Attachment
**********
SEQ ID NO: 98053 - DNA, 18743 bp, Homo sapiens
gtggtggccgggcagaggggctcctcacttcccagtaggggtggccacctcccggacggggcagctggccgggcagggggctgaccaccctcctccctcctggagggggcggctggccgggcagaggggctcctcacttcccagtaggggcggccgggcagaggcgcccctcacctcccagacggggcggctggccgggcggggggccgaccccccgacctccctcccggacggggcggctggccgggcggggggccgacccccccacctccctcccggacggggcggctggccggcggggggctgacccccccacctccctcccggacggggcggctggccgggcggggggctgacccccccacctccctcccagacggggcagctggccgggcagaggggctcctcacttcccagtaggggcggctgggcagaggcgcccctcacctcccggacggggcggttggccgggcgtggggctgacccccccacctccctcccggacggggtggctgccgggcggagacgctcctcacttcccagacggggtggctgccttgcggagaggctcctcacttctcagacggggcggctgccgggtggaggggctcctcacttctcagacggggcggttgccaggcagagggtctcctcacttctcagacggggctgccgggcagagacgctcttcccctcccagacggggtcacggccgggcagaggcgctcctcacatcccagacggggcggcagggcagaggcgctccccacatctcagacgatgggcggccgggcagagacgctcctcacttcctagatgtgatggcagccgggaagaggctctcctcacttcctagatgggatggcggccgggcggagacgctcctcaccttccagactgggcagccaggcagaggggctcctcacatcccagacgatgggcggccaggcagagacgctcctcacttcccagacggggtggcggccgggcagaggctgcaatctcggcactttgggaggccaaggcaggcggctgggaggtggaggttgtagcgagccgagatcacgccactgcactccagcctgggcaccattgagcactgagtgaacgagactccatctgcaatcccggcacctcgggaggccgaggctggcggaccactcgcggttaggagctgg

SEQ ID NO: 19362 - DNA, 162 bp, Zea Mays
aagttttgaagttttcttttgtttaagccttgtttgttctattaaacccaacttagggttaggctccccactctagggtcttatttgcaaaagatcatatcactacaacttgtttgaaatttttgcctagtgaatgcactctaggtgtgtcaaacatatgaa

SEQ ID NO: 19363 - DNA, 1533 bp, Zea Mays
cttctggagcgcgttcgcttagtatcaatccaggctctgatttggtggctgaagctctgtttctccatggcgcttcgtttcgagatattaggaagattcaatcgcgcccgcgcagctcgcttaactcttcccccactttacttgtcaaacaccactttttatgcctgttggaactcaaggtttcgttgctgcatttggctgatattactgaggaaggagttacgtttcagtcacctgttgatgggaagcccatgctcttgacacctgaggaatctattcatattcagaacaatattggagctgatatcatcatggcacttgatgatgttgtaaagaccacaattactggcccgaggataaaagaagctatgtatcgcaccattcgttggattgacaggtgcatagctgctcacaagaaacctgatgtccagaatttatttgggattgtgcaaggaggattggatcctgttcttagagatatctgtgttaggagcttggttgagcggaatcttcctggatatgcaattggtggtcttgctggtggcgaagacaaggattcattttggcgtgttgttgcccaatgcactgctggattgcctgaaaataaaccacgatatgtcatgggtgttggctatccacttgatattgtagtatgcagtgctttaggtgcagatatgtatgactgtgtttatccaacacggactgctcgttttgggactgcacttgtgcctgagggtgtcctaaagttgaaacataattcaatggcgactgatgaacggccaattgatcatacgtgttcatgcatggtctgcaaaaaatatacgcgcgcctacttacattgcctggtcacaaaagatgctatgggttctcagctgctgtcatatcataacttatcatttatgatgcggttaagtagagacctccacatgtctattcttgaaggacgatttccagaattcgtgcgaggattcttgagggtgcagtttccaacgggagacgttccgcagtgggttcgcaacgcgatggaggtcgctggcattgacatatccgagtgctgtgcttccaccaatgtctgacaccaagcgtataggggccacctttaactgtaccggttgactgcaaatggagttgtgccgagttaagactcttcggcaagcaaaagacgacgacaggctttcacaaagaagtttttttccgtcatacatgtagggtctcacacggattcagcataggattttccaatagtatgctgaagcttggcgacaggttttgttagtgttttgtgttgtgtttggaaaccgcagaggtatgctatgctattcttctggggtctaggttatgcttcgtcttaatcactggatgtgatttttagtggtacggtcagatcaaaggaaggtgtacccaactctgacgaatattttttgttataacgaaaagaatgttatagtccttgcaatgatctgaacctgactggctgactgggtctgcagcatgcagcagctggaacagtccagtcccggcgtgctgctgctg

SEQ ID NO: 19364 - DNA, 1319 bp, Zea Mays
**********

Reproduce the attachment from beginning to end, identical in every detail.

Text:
SEQ ID NO: 98053 - DNA, 18743 bp, Homo sapiens
gtggtggccgggcagaggggctcctcacttcccagtaggggtggccacctcccggacggggcagctggccgggcagggggctgaccaccctcctccctcctggagggggcggctggccgggcagaggggctcctcacttcccagtaggggcggccgggcagaggcgcccctcacctcccagacggggcggctggccgggcggggggccgaccccccgacctccctcccggacggggcggctggccgggcggggggccgacccccccacctccctcccggacggggcggctggccggcggggggctgacccccccacctccctcccggacggggcggctggccgggcggggggctgacccccccacctccctcccagacggggcagctggccgggcagaggggctcctcacttcccagtaggggcggctgggcagaggcgcccctcacctcccggacggggcggttggccgggcgtggggctgacccccccacctccctcccggacggggtggctgccgggcggagacgctcctcacttcccagacggggtggctgccttgcggagaggctcctcacttctcagacggggcggctgccgggtggaggggctcctcacttctcagacggggcggttgccaggcagagggtctcctcacttctcagacggggctgccgggcagagacgctcttcccctcccagacggggtcacggccgggcagaggcgctcctcacatcccagacggggcggcagggcagaggcgctccccacatctcagacgatgggcggccgggcagagacgctcctcacttcctagatgtgatggcagccgggaagaggctctcctcacttcctagatgggatggcggccgggcggagacgctcctcaccttccagactgggcagccaggcagaggggctcctcacatcccagacgatgggcggccaggcagagacgctcctcacttcccagacggggtggcggccgggcagaggctgcaatctcggcactttgggaggccaaggcaggcggctgggaggtggaggttgtagcgagccgagatcacgccactgcactccagcctgggcaccattgagcactgagtgaacgagactccatctgcaatcccggcacctcgggaggccgaggctggcggaccactcgcggttaggagctgg

SEQ ID NO: 19362 - DNA, 162 bp, Zea Mays
aagttttgaagttttcttttgtttaagccttgtttgttctattaaacccaacttagggttaggctccccactctagggtcttatttgcaaaagatcatatcactacaacttgtttgaaatttttgcctagtgaatgcactctaggtgtgtcaaacatatgaa

SEQ ID NO: 19363 - DNA, 1533 bp, Zea Mays
cttctggagcgcgttcgcttagtatcaatccaggctctgatttggtggctgaagctctgtttctccatggcgcttcgtttcgagatattaggaagattcaatcgcgcccgcgcagctcgcttaactcttcccccactttacttgtcaaacaccactttttatgcctgttggaactcaaggtttcgttgctgcatttggctgatattactgaggaaggagttacgtttcagtcacctgttgatgggaagcccatgctcttgacacctgaggaatctattcatattcagaacaatattggagctgatatcatcatggcacttgatgatgttgtaaagaccacaattactggcccgaggataaaagaagctatgtatcgcaccattcgttggattgacaggtgcatagctgctcacaagaaacctgatgtccagaatttatttgggattgtgcaaggaggattggatcctgttcttagagatatctgtgttaggagcttggttgagcggaatcttcctggatatgcaattggtggtcttgctggtggcgaagacaaggattcattttggcgtgttgttgcccaatgcactgctggattgcctgaaaataaaccacgatatgtcatgggtgttggctatccacttgatattgtagtatgcagtgctttaggtgcagatatgtatgactgtgtttatccaacacggactgctcgttttgggactgcacttgtgcctgagggtgtcctaaagttgaaacataattcaatggcgactgatgaacggccaattgatcatacgtgttcatgcatggtctgcaaaaaatatacgcgcgcctacttacattgcctggtcacaaaagatgctatgggttctcagctgctgtcatatcataacttatcatttatgatgcggttaagtagagacctccacatgtctattcttgaaggacgatttccagaattcgtgcgaggattcttgagggtgcagtttccaacgggagacgttccgcagtgggttcgcaacgcgatggaggtcgctggcattgacatatccgagtgctgtgcttccaccaatgtctgacaccaagcgtataggggccacctttaactgtaccggttgactgcaaatggagttgtgccgagttaagactcttcggcaagcaaaagacgacgacaggctttcacaaagaagtttttttccgtcatacatgtagggtctcacacggattcagcataggattttccaatagtatgctgaagcttggcgacaggttttgttagtgttttgtgttgtgtttggaaaccgcagaggtatgctatgctattcttctggggtctaggttatgcttcgtcttaatcactggatgtgatttttagtggtacggtcagatcaaaggaaggtgtacccaactctgacgaatattttttgttataacgaaaagaatgttatagtccttgcaatgatctgaacctgactggctgactgggtctgcagcatgcagcagctggaacagtccagtcccggcgtgctgctgctg

SEQ ID NO: 19364 - DNA, 1319 bp, Zea Mays